Chilly Willy's best cartoons were perfect examples of how a potentially one-joke character and concept could end up actually being a perfect mix of the cute and the funny with a lot of colour and good comic timing to go with it.
Notable for the first appearance in a Chilly Willy cartoon of Wally Walrus, better known as one of Woody Woodpecker's opponents, 'Clash and Carry' is one of the stronger Chilly Willy cartoons of the 60s. That it is directed by Jack Hannah may have something to do with it, and Hannah does wonders with the limited budgets and time constraints. Wally is a great opponent for Chilly, and unlike other cartoons not featuring Smedley one does not miss Smedley too much. Wally brings everything to 'Clash and Carry' to what worked so well with him and Woody Woodpecker.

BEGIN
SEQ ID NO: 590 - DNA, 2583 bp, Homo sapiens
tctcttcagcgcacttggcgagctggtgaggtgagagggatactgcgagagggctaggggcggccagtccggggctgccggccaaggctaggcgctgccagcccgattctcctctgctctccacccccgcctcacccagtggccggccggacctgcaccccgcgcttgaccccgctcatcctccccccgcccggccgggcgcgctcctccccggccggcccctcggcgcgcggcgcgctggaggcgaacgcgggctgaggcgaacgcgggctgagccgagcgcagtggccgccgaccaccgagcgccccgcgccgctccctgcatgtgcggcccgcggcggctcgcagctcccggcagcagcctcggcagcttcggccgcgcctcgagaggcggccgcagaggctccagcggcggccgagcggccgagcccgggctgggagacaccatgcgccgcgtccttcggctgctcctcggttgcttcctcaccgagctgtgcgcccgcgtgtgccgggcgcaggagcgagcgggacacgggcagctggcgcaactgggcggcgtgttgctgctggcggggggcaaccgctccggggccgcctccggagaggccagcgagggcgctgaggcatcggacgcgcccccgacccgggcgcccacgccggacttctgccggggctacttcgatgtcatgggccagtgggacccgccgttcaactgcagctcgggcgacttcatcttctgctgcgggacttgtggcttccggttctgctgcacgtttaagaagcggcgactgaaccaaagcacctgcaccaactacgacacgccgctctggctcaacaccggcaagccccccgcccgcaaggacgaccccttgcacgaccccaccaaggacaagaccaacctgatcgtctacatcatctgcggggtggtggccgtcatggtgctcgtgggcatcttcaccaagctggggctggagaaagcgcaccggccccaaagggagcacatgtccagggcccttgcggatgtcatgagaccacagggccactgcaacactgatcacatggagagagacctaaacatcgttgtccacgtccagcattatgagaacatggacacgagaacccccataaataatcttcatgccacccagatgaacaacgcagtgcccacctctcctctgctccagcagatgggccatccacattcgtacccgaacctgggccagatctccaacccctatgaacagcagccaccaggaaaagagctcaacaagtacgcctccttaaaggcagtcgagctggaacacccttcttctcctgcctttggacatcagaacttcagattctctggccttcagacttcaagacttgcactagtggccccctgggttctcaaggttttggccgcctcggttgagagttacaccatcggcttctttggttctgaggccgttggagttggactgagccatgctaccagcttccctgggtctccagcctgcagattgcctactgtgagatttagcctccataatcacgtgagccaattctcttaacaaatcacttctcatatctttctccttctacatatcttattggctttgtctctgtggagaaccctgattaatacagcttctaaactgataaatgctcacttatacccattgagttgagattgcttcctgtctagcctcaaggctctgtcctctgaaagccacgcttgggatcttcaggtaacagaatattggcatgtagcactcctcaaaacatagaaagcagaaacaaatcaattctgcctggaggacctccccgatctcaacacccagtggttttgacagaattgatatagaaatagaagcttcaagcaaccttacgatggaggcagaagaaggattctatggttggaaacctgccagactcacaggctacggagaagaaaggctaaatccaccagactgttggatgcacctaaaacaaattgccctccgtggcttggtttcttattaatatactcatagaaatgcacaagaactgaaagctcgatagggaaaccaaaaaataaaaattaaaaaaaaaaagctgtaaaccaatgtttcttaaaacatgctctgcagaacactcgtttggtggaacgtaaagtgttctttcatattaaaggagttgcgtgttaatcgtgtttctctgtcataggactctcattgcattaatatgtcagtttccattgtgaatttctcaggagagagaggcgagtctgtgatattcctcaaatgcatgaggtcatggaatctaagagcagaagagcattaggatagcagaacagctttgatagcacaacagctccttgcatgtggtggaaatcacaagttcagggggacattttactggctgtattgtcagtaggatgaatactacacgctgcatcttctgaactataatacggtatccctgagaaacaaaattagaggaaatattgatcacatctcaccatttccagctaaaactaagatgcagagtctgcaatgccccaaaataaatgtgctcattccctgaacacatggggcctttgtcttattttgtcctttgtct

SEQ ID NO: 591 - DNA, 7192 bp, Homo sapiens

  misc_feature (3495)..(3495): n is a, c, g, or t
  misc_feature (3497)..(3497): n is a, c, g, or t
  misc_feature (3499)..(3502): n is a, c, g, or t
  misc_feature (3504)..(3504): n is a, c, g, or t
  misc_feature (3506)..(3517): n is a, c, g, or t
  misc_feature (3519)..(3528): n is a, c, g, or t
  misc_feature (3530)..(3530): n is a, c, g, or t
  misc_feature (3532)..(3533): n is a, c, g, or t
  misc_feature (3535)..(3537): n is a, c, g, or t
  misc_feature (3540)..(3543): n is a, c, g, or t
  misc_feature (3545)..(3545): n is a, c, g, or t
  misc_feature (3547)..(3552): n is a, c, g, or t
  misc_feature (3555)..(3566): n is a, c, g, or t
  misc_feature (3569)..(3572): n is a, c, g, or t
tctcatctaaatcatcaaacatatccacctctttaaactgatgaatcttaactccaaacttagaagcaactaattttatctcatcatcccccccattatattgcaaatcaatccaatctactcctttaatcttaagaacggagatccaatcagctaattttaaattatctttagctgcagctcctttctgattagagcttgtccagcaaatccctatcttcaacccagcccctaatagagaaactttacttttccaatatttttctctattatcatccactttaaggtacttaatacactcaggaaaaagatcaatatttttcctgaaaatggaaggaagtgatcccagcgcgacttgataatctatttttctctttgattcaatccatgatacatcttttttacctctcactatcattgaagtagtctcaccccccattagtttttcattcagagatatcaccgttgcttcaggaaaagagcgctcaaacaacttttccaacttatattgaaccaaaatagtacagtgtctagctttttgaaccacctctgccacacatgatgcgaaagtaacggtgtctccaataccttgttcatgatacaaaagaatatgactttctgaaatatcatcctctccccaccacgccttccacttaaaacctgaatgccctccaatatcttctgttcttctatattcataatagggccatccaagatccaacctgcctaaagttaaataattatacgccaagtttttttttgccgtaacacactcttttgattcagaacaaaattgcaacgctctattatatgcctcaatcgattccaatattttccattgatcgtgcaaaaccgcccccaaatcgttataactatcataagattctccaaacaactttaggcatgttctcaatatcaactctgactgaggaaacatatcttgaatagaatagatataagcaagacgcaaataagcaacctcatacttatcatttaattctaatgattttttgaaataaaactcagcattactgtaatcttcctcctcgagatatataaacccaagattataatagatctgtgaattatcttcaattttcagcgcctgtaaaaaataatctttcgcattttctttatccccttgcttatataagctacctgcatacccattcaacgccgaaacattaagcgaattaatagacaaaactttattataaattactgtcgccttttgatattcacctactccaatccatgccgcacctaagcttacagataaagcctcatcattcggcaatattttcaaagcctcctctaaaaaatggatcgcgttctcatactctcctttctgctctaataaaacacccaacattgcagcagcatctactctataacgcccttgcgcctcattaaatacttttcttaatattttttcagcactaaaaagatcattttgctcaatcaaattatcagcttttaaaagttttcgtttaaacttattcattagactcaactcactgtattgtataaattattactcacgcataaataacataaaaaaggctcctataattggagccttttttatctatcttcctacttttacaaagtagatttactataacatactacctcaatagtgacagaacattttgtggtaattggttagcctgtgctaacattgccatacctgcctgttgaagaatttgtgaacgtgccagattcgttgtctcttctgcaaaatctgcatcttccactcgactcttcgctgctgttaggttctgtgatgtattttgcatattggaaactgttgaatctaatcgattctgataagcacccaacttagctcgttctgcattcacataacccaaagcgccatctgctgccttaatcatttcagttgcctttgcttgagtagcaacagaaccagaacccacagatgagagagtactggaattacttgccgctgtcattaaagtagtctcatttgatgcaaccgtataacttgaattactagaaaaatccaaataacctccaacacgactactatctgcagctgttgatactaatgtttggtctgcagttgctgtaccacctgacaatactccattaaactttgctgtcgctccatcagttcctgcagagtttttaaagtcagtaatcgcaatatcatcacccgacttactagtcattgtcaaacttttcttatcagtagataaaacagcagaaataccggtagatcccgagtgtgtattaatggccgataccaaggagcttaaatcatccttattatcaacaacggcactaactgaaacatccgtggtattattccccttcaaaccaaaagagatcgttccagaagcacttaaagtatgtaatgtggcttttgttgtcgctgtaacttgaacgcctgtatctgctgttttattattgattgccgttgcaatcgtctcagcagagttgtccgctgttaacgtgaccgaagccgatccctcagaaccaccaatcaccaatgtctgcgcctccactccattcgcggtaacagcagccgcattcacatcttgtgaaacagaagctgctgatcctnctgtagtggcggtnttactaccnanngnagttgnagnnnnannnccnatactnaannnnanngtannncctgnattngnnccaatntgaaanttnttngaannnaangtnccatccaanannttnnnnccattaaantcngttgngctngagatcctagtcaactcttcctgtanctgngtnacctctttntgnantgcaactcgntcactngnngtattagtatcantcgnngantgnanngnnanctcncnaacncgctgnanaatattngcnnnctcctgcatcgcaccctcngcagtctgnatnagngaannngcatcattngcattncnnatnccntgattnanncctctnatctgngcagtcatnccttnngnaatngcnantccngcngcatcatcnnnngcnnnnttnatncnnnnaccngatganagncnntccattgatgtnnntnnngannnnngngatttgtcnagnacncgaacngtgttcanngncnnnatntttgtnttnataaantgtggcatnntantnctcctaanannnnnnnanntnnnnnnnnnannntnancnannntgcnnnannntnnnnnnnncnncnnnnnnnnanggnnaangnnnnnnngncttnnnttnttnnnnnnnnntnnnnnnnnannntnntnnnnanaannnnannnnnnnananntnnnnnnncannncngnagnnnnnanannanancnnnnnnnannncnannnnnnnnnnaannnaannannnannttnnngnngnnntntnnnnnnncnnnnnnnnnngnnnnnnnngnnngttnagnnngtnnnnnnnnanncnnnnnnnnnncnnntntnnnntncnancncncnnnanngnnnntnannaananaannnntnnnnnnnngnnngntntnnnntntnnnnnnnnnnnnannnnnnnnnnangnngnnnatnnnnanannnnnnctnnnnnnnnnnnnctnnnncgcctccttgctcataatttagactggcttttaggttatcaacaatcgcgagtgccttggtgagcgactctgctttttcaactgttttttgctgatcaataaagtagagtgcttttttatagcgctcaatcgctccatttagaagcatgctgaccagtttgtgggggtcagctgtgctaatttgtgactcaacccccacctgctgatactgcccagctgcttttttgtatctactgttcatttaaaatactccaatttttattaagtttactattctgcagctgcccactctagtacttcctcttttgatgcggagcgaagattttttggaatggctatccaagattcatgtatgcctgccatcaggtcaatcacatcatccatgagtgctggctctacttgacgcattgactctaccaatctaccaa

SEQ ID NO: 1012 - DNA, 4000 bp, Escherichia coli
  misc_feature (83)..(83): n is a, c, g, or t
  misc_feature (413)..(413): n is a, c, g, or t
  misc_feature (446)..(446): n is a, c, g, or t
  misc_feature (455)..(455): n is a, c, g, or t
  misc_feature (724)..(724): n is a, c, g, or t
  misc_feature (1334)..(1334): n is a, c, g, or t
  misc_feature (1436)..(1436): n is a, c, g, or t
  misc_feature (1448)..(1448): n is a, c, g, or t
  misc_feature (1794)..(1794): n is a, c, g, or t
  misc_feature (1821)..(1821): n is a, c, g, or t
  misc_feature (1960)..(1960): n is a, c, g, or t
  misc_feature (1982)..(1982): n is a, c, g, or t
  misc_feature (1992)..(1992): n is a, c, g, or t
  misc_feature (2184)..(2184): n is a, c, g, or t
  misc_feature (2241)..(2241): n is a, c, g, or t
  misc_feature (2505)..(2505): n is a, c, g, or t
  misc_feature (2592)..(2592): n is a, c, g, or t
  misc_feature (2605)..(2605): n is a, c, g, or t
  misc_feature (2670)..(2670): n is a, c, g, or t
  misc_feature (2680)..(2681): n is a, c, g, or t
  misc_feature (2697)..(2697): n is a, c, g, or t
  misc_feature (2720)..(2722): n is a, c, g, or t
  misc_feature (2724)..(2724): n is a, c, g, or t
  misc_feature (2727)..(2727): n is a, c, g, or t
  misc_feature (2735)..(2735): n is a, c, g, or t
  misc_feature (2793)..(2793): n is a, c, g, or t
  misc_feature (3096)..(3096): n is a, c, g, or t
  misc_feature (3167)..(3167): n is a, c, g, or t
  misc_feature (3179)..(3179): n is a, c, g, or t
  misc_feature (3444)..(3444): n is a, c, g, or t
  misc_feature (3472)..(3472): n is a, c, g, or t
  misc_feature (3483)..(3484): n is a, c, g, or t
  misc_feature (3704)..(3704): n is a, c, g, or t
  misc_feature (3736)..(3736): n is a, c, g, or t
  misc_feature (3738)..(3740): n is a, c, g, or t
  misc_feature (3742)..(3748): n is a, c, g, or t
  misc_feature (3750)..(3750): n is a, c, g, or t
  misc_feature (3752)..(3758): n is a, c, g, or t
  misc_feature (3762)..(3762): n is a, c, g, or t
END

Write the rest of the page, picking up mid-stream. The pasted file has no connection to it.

Even if minimal and limited budget-wise, the animation is bright, colourful and has more detail and imagination than most of the Chilly Willy cartoons from this period. The music is full of lively bounce and character, with luscious orchestration. It not only adds to the action and visuals but enhances them too.
Every single one of the gags do amuse and beautifully timed. The chemistry between Chilly and Wally sparkles, and it is always remarkable at what Chilly has up his sleeve and how he does it. Underneath all that irresistible cuteness he is one clever, funny and at times fairly brutal penguin.
Chilly is adorable and is also a lot of fun, with his actions speaking far louder than words, even having gestures, movements and actions reminiscent of Charlie Chaplin. He may be a nuisance to his opponents but he wins the viewer over with his cuteness and timing.
Paul Frees provides some characteristically solid voice work for Wally.
In conclusion, great and a lot better than a lot of Chilly Willy cartoons that followed. 9/10 Bethany Cox
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